Thanks for the clarification though I do have to chuckle at those penalties. For a high-priced law firm that doesn't even qualify as a slap on the wrist. Perhaps a caress...... Even forfeiting 50% of the income is just a mild annoyance. (btw, the firm will of course argue that the income derived is a small percentage of the gross fee) A tax attorney must have devised those penalties for the IRS!

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Re: Need Clarification on IRS Penalty Policy

Postby Kestrel » Thu Apr 12, 2012 2:38 am

ejalquat wrote:Thanks for the clarification though I do have to chuckle at those penalties. For a high-priced law firm that doesn't even qualify as a slap on the wrist. Perhaps a caress...... Even forfeiting 50% of the income is just a mild annoyance. (btw, the firm will of course argue that the income derived is a small percentage of the gross fee) A tax attorney must have devised those penalties for the IRS!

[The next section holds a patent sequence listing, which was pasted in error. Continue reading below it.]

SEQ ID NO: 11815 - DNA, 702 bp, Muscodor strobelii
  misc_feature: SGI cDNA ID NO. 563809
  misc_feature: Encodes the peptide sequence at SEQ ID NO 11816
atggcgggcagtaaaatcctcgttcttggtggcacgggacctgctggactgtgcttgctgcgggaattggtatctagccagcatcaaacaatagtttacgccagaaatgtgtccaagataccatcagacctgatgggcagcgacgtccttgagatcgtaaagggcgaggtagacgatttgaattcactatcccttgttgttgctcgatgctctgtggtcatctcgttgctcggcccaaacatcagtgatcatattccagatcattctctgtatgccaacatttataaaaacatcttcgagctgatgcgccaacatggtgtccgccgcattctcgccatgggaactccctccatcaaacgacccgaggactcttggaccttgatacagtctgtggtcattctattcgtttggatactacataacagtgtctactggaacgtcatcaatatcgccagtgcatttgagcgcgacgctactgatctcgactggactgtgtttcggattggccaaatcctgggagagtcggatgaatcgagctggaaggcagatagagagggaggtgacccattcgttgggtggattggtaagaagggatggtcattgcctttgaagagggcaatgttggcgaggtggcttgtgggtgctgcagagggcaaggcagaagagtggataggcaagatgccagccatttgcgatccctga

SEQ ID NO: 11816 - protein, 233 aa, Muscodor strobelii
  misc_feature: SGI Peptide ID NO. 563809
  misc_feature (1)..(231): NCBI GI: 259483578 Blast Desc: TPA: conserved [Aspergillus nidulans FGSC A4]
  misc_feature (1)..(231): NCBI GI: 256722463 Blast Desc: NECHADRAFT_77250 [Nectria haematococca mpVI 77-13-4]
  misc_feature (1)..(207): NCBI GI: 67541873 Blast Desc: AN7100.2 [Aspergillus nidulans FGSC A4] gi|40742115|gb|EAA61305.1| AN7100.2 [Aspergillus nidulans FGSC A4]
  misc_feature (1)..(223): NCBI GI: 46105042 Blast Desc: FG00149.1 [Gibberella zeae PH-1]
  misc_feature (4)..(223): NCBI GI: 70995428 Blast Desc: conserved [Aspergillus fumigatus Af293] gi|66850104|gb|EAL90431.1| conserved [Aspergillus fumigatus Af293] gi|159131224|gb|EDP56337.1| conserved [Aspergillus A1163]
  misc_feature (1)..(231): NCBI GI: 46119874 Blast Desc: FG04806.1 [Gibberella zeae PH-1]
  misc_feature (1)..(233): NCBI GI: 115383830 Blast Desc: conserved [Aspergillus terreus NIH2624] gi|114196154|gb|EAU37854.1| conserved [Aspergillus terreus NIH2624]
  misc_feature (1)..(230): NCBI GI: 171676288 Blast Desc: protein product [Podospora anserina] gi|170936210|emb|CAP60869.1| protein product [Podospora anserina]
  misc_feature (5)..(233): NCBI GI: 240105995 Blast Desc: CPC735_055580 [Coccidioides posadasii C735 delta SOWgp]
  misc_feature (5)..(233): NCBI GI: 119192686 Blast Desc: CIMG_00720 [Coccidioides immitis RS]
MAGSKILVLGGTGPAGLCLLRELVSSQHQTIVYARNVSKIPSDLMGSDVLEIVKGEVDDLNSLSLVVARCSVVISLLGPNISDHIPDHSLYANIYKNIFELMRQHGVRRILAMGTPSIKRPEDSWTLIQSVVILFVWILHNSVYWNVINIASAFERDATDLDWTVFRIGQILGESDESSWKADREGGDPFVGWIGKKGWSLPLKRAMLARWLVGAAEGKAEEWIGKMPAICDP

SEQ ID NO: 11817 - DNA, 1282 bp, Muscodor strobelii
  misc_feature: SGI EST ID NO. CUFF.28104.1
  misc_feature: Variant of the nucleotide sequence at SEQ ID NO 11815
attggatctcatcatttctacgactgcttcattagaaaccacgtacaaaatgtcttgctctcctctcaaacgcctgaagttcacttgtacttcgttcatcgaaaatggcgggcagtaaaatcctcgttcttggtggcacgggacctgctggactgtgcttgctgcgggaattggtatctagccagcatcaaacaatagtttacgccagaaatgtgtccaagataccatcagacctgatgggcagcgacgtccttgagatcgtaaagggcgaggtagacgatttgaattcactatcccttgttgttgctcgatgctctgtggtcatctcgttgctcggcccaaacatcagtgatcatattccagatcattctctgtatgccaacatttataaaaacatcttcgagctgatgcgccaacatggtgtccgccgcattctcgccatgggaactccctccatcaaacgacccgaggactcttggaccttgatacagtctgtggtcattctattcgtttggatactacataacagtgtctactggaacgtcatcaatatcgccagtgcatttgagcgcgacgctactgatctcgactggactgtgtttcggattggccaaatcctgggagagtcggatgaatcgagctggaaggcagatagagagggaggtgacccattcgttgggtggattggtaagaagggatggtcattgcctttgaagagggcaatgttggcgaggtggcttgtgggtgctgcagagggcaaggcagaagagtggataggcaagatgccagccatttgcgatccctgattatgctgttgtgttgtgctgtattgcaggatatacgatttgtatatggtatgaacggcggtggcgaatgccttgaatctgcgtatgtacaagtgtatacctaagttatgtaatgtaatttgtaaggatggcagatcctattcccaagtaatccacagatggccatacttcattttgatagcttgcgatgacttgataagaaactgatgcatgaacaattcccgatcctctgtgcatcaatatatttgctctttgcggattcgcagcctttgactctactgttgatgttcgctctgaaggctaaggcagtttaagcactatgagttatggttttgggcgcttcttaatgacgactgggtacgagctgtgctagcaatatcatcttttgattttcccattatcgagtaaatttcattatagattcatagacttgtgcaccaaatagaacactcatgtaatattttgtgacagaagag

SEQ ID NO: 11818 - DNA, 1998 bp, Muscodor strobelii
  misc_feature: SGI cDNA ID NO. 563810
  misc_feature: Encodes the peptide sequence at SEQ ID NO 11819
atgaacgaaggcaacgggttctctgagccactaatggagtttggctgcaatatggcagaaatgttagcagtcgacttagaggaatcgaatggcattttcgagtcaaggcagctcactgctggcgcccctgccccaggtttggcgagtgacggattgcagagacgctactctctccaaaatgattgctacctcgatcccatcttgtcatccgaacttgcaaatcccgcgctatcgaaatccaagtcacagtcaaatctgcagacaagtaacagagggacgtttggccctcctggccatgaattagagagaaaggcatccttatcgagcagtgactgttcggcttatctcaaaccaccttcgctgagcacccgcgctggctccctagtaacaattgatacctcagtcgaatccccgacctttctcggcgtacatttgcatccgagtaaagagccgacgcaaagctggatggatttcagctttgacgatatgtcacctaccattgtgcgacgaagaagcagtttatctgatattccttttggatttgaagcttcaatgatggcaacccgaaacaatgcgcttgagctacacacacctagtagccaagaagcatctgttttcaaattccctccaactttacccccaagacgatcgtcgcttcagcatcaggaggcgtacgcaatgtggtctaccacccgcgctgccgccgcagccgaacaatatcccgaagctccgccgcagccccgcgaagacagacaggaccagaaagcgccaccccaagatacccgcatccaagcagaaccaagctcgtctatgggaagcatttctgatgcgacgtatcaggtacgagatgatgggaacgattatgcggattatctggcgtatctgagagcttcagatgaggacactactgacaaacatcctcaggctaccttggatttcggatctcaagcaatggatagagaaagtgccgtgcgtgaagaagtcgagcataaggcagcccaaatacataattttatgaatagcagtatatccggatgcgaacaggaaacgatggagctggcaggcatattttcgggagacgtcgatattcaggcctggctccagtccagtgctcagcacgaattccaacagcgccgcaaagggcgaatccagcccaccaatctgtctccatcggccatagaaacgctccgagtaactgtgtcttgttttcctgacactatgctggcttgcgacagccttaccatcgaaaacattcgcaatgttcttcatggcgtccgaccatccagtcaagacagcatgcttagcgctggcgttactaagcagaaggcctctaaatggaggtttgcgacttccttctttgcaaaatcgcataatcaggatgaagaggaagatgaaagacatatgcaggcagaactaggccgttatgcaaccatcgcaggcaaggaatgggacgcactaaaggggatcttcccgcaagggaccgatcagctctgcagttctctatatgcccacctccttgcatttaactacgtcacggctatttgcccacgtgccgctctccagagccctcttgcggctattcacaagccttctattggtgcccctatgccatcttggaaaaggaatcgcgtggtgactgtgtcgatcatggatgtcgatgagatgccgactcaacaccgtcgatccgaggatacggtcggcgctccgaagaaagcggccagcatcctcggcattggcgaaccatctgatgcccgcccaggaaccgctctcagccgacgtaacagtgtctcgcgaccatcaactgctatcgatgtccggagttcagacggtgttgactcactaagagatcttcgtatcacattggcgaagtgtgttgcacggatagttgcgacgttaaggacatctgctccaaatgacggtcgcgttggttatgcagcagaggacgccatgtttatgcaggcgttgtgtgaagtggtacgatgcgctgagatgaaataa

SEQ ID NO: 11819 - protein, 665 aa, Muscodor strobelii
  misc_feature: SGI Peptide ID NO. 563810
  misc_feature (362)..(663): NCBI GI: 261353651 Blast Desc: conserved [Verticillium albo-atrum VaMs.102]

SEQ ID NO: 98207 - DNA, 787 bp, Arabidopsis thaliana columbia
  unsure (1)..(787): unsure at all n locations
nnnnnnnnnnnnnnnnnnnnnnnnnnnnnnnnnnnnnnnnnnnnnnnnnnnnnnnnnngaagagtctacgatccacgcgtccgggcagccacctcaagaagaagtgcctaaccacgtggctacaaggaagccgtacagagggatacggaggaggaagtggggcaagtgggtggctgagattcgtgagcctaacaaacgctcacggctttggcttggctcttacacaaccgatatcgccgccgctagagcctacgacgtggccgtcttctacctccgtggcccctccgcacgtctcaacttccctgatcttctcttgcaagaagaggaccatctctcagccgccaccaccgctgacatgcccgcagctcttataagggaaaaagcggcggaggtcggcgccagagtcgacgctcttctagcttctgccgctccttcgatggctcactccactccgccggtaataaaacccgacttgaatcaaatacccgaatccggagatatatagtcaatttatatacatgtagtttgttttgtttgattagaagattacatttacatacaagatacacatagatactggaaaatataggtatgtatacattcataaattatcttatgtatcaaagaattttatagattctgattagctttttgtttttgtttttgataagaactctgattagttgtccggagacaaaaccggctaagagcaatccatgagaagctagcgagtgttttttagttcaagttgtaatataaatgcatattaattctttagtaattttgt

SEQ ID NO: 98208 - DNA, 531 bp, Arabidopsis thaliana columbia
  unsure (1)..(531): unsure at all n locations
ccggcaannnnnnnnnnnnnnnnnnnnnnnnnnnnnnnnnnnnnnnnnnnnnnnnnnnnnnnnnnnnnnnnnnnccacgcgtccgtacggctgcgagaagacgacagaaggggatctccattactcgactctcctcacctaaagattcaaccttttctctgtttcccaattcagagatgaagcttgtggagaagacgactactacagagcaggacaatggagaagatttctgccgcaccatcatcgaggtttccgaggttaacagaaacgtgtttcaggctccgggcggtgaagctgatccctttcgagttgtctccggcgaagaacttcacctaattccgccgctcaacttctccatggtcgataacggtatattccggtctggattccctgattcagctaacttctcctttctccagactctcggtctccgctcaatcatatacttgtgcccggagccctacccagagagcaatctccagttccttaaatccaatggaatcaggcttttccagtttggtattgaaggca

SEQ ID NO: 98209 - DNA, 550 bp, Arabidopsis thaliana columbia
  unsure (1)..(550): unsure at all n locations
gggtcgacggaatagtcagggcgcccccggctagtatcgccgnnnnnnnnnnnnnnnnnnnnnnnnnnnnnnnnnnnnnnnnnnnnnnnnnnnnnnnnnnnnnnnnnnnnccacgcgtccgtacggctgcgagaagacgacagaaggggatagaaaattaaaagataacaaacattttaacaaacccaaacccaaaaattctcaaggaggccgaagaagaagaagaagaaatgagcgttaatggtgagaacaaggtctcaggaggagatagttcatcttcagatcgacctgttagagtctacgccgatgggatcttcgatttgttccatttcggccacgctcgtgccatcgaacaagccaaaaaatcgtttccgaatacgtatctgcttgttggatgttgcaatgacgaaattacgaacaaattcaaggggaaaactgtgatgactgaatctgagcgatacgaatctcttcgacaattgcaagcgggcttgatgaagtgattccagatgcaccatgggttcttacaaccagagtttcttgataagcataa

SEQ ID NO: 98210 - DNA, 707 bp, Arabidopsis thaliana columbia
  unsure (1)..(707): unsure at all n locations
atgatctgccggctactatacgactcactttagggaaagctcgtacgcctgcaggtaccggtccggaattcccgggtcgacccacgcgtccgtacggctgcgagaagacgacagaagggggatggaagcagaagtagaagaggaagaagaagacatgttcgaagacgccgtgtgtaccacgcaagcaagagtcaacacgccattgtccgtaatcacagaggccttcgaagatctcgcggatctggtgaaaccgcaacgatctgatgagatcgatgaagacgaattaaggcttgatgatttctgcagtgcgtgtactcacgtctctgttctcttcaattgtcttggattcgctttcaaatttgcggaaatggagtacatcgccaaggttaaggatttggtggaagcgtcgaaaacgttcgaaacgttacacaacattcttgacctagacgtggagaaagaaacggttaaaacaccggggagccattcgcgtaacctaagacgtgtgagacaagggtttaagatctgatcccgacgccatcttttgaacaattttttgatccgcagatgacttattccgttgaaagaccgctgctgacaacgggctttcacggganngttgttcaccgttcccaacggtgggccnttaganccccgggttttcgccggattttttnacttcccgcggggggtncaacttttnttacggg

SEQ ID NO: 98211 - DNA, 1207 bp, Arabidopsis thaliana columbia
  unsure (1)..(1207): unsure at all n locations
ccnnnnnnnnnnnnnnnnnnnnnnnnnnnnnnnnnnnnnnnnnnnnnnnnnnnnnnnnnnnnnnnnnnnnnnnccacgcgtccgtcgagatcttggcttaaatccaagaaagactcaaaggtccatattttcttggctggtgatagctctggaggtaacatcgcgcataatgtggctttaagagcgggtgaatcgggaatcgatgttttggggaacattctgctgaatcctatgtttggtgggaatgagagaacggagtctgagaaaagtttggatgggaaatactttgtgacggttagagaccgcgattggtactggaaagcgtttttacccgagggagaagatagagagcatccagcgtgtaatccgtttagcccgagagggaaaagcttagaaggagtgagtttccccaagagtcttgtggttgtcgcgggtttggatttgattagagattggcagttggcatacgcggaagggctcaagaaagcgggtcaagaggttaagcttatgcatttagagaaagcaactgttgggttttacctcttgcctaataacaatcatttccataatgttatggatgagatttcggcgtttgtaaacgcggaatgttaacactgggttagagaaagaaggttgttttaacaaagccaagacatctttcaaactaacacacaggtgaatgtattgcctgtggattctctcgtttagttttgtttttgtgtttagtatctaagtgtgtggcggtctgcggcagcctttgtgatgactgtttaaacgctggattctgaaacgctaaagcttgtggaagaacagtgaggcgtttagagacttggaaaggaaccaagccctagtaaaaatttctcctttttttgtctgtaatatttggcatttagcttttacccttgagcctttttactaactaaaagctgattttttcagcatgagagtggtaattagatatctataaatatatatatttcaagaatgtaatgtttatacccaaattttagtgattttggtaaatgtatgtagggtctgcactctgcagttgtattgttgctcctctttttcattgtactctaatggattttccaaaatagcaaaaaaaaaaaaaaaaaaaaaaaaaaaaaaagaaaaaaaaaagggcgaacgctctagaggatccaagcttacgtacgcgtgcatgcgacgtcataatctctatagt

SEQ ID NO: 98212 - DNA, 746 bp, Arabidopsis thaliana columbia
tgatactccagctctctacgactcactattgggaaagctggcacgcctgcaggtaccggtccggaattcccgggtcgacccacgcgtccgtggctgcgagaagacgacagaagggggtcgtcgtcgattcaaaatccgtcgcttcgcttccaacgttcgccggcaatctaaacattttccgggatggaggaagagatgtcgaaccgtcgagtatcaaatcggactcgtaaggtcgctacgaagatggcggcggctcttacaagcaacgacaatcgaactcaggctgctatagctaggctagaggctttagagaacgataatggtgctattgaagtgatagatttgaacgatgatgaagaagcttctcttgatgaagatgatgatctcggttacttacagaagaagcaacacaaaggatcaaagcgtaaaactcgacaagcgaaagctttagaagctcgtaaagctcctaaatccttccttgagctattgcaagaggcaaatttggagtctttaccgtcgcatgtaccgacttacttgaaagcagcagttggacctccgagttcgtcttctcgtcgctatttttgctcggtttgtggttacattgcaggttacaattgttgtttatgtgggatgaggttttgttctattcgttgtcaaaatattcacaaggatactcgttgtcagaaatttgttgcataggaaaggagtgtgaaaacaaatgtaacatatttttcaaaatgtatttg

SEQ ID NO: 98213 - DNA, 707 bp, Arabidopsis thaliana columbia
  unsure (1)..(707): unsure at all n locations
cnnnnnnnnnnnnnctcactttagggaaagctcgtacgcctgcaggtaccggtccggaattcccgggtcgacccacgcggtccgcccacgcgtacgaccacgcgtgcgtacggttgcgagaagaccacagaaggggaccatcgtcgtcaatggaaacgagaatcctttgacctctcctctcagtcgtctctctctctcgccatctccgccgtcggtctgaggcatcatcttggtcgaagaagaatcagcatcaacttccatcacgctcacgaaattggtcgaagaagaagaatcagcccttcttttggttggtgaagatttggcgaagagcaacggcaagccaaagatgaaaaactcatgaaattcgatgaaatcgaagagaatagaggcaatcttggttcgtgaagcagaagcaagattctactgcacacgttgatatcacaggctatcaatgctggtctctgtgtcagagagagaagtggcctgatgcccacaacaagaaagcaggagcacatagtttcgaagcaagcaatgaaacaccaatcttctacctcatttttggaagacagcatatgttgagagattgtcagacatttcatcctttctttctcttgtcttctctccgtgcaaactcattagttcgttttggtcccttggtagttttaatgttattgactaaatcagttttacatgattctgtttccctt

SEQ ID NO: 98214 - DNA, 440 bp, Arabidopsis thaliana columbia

There's more at risk than just the specific penalty on an individual return.

The IRS's Paid Taxpayer Identification Number (PTIN) system dictates who is and is not permitted to assist in tax return preparation. Presumptively, attorneys and CPAs are automatically eligible. But everyone still has to pass a Tax Compliance Check before a PTIN will be issued or renewed, and background checks are coming soon. See the Overview of Tax Return Preparer Requirements.

You don't strictly comply with the tax laws and give well-grounded advice? You don't get authorized to prepare ANYONE'S tax return again. Bye-bye livelihood.
"Never try to teach a pig to sing. It wastes your time and annoys the pig." - Robert Heinlein